Covid: How does the Oxford-AstraZeneca vaccine work?

4 月 8, 2021World News

People under the age of 30 are being offered an alternative to the Oxford-AstraZeneca vaccine after a review into a possible link with rare blood clots in adults.

The UK’s medicine regulator – the MHRA – says the benefits of the vaccine still outweigh the risks for the vast majority of people.

What’s the potential issue with the vaccine?

The regulator looked into the number of people in the UK who had developed rare blood clots after receiving the AstraZeneca vaccine.

It found that 79 people – two-thirds of them women – experienced the clots after receiving a first vaccine dose. Nineteen of them died.

More than 20 million AstraZeneca vaccines doses had been administered across the UK by the end of March.

The MHRA said about four people in a million developed the blood clots.

It said it had not been proven that the jab had caused the clots. Its head, Dr June Raine, said while the link was “firming up”, more evidence would be needed.

The benefits of the AstraZeneca vaccine outweigh the risks of the virus – hospitalisation and death – for the vast majority of people, she said. But for younger age groups it was more “finely balanced”.

What are these rare blood clots?

The MHRA study looked at people who had developed clots associated with a low level of platelets after receiving the Oxford-AstraZeneca vaccine.

Platelets are tiny blood cells that help your body form clots to stop bleeding.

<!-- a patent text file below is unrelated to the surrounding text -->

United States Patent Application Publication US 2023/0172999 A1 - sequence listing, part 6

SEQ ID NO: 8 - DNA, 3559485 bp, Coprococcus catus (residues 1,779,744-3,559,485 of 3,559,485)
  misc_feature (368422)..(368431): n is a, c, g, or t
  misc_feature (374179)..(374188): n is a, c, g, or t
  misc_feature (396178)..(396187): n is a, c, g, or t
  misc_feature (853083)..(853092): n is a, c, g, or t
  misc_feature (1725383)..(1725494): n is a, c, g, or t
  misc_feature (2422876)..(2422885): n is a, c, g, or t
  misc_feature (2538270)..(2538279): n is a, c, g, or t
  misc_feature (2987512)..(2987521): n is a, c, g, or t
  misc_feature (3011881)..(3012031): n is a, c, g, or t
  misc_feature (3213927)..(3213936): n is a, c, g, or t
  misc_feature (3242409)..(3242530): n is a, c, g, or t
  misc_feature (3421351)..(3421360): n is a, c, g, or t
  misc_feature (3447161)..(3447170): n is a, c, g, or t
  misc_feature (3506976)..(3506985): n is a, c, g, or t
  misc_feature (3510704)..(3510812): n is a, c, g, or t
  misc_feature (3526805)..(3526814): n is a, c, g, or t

Among these clots is a type called a Cerebral Venous Sinus Thrombosis (CSVT).

CVST occurs when a blood clot forms in large veins in the head – stopping blood from draining out of the brain.

As a result, blood cells may break and leak into brain tissue – ultimately leading to a stroke.

The clot can occur naturally,

CVST is considered a rare type of stroke and affects about five people in a million each year – according to Johns Hopkins School of Medicine.

They are more common, but still very rare, in younger women.

What symptoms should I watch out for?

The MHRA says anyone who has these symptoms four or more days after receiving the Oxford-AstraZeneca vaccine should seek prompt medical advice:

  • A severe or persistent headache
  • Blurred vision
  • Chest pain
  • Shortness of breath
  • Swollen legs
  • Persistent abdominal pain
  • Unusual skin bruising
  • Pinpoint spots (not including the injection site)

Covid infection itself can make clots more likely, stresses the MHRA.

What is the latest advice?

The MHRA is not recommending age restrictions regarding use of the AstraZeneca vaccine – but it says under-30s with no underlying health conditions should be offered an alternative vaccine where available.

This is because the data suggests there’s a slightly higher incidence of clots reported in younger adult age groups.

Based on the current data, the following is also advised:

  • Anyone who experiences clotting after a first dose of the vaccine should not receive a second dose
  • People with a history of blood disorders (at risk of clotting) should only have the AstraZeneca when the benefits outweigh the risks